Cuba’s first zombie movie, Juan Of The Dead is an absurd satire of life under dictator Fidel Castro. Confronted by imminent zombie apocalypse – initially covered up as an American-backed counter-revolution – losers Jaun and Lázaro try to turn supernatural catastrophe in an opportunity to make a quick buck and get laid.
As the movie makes its UK debut to terrific buzz and growing cult status, we talk to director Alejandro Brugués, to find out more about Cuba’s mix of black comedy, political satire, and stomach-churning gore…
What can viewers expect from Juan Of The Dead?
I think, what I tried to do is… make it good fun. Expect to have fun, expect to have a different vision from Cuba and of how Cubans are.
What was the inspiration behind Juan Of The Dead?
Well, there were many things. Shaun Of The Dead, obviously, was one of them! And one day I was talking with my producer about someone that I saw on the street and I said, “he looks like a zombie, that person.” And I thought we could make a zombie film with people like this, and we wouldn’t even need makeup! I thought I could do a film about zombies, and do a lot of social commentary, and show people how we are, how Cubans react to problems…
So how would you say people in Cuba react to problems, that’s different from other people in the world?
Pretty much like they do in the film! First, they act as if it hasn’t happened, and then they try to set up a business to make some money out of it, and then if things keep getting worse then they try to escape.
Do you think this film will show an international audience a side of Cuba they didn’t know about before, then?
Well, they don’t know much about Cuba. I’m pretty sure this will be a unique version of Cuba. But what I tried to do is make a funny zombie film, something that you can enjoy if you don’t know or you don’t care about Cuba. There is a Cuban social commentary in there but it doesn’t get in the way of having a good time.
And I think there are plenty of jokes that are pretty much international. I’ve shown the film all over the world and the reaction is always the same. So if you get the parts about Cuba, awesome, and if you don’t, you’ll have a good time anyway.
There’s a part of the humour in the film that’s only for Cuban people, we get more than the rest, but also for example there’s also the humour for fans of the zombie film, which I am, and that, sometimes the film has shown at film festivals and you get a geek audience, they really get it, and in Cuba they don’t get that. But there’s also humour for everyone.
It was hard to balance all these elements… and many many more.
What would you say your favourite zombie film is?
Evil Dead 2. It’s not a zombie film, but it’s my favourite. I saw that as a kid and it changed my life.
Was that what you had in mind while making Juan of the Dead, then?
No, I think Juan Of The Dead has a very peculiar tone. The tone was the most difficult thing about the film, I had to find balance, I had to have the political commentary because that’s what makes it unique and I had to have a zombie film, some action, some gore, not too much, it was very hard to balance all of that, and I wasn’t sure it did until I saw the finished film, and it was such a relief!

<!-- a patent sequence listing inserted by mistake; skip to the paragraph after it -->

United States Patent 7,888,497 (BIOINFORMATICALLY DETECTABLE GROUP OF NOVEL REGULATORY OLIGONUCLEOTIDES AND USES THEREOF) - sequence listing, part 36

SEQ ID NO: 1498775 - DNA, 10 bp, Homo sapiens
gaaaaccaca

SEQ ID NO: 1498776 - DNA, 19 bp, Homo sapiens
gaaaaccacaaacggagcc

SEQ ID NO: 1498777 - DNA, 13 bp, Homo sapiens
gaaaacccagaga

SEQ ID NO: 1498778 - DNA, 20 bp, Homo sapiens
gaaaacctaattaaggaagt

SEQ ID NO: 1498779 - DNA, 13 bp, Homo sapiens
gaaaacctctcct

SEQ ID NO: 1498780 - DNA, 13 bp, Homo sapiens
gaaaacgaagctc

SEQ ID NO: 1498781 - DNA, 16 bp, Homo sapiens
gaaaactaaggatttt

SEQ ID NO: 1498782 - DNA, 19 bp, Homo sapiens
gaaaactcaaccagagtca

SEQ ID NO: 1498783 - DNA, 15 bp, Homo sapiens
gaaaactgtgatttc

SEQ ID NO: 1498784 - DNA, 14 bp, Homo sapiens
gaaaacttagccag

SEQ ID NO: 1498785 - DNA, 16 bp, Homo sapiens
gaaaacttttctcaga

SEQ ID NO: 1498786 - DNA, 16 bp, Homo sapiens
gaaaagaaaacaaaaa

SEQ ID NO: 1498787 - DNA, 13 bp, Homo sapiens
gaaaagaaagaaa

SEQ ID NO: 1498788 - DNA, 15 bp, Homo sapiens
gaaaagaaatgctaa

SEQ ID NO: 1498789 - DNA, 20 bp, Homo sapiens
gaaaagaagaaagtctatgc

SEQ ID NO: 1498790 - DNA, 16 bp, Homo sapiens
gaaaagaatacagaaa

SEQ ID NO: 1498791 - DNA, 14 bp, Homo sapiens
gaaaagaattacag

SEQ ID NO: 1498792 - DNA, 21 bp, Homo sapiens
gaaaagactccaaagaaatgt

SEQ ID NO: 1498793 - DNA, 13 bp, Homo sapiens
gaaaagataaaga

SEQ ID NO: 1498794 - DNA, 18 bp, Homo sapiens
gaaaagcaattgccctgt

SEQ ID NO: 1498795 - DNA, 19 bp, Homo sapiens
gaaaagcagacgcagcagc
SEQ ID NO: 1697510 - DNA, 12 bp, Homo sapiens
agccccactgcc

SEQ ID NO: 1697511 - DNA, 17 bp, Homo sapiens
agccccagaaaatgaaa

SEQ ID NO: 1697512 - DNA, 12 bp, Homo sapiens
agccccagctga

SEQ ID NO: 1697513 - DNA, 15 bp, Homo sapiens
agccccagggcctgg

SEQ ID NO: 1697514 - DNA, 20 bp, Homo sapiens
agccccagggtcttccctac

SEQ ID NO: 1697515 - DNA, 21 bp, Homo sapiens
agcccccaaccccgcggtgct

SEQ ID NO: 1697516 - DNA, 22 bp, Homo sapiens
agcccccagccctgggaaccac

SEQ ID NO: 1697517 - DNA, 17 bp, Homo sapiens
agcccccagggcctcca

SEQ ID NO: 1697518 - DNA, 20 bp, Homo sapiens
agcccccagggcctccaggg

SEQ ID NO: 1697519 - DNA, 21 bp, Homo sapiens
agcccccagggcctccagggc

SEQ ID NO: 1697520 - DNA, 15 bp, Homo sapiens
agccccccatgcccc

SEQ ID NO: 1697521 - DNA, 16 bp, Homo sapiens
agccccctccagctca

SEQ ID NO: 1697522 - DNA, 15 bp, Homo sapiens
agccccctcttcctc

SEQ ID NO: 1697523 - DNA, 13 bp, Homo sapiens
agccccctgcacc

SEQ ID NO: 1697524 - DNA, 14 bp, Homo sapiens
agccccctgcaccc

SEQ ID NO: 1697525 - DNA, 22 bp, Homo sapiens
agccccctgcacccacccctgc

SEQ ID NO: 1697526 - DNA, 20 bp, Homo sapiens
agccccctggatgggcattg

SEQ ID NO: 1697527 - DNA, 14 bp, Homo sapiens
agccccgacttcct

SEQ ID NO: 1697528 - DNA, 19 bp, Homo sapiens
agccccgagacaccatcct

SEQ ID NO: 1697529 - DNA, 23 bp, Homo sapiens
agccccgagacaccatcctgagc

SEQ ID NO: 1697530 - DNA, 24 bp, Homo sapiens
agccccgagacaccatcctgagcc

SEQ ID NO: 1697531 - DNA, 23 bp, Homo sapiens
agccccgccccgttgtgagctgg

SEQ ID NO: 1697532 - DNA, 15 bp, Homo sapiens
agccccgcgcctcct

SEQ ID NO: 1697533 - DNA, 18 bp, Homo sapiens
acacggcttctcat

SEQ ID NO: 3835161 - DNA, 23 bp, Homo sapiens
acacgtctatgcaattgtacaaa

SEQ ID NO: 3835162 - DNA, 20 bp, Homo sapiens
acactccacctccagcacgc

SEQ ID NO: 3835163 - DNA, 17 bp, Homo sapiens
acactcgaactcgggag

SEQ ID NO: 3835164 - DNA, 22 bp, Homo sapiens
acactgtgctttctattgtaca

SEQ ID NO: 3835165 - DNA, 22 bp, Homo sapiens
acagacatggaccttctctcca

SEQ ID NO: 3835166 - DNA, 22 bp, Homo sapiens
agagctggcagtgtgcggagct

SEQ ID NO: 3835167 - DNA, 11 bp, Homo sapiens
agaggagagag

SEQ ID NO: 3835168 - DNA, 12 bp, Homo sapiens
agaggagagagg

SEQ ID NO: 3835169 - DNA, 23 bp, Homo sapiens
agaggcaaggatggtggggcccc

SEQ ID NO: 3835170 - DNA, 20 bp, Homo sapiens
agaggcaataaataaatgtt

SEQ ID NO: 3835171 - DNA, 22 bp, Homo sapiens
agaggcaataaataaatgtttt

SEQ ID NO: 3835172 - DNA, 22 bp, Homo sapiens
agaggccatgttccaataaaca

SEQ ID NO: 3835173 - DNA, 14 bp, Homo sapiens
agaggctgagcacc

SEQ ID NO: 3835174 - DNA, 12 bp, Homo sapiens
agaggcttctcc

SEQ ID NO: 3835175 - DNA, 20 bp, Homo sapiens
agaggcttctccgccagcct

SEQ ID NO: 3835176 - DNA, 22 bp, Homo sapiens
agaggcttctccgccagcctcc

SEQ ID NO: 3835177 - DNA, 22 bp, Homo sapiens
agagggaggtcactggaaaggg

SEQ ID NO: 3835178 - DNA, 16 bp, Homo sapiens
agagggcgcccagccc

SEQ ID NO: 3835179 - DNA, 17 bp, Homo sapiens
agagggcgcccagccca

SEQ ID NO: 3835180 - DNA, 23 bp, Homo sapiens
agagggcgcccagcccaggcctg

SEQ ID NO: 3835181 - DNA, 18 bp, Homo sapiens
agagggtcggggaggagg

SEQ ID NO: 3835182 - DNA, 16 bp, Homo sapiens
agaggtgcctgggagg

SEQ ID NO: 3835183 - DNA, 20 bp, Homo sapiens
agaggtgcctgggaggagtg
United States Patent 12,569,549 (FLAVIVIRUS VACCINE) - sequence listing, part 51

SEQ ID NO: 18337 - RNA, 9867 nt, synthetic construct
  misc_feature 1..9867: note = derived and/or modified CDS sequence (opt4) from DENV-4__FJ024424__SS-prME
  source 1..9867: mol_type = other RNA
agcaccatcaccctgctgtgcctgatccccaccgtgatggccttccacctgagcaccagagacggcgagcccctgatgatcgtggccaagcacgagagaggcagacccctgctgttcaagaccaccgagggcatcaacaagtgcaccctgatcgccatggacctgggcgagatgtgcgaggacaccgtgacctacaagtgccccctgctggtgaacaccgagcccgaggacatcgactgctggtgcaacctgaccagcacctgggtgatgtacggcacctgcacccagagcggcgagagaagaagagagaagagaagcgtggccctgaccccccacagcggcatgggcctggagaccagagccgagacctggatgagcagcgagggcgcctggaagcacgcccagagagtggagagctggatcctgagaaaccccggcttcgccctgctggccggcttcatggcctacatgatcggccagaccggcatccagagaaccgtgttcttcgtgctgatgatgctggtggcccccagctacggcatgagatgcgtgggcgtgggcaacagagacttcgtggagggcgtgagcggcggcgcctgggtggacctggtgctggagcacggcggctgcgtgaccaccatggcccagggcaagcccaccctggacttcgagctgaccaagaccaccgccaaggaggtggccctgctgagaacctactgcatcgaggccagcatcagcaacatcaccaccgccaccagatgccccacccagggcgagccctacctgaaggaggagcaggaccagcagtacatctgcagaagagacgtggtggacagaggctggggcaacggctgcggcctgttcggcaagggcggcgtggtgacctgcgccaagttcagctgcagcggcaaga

Did you face any other difficulties while filming?
It was all technical difficulties. Everyone asks that hoping for the big answer where people come and try to shut me down and I managed to shoot the damn thing anyway, but it wasn’t like that! It was just all the technical difficulties that you can have when you’re shooting with 300 zombies.
I had very good producers, I didn’t find out about most of the trouble while filming. Sometimes I don’t know how we managed to do it, when I think about it, and I’m not sure I’d want to do it again, if I could pull it off. I have a theory, I believe when they read the script, they said “Oh he’s not going to be able to do this.” So they said, tell him yes, but he’s not going to be able to pull this off.
So are you proud that you’ve managed to pull it off, in spite of that doubt?
Yeah! Of course, I am. And also so relieved. It’s funny, when I see the film, I think there were so many things that could have gone wrong, starting with the fact that a Cuban zombie film is something that hasn’t been done before, so there was no feeling here of how to do that, and then the title, which is obviously a reference to a much beloved zombie film of the last 20 years so there are so many things that could have gone wrong, but I don’t know, they didn’t! Everything turned out well.
Do you think the success of this film will pave the way for future films like it to be made in Cuba?
Cuban films right now are produced small in scope because, I don’t know, it’s easier to think, “I’m just gonna write something small, get $30,000 and go shoot.” I think what Juan Of The Dead can teach them is that you don’t have to limit your scope, you should write whatever you want and then go figure out how to make it. I hope we are going to see more bigger films, and more films coming out from Cuba.
Will you make something bigger in scope, something ambitious, next, then?
I want the next one to be much bigger. Much more ambitious!
Juan Of The Dead is in selected UK cinemas from 4 May 2012, and is expected on DVD from 4 June 2012, priced £9.99.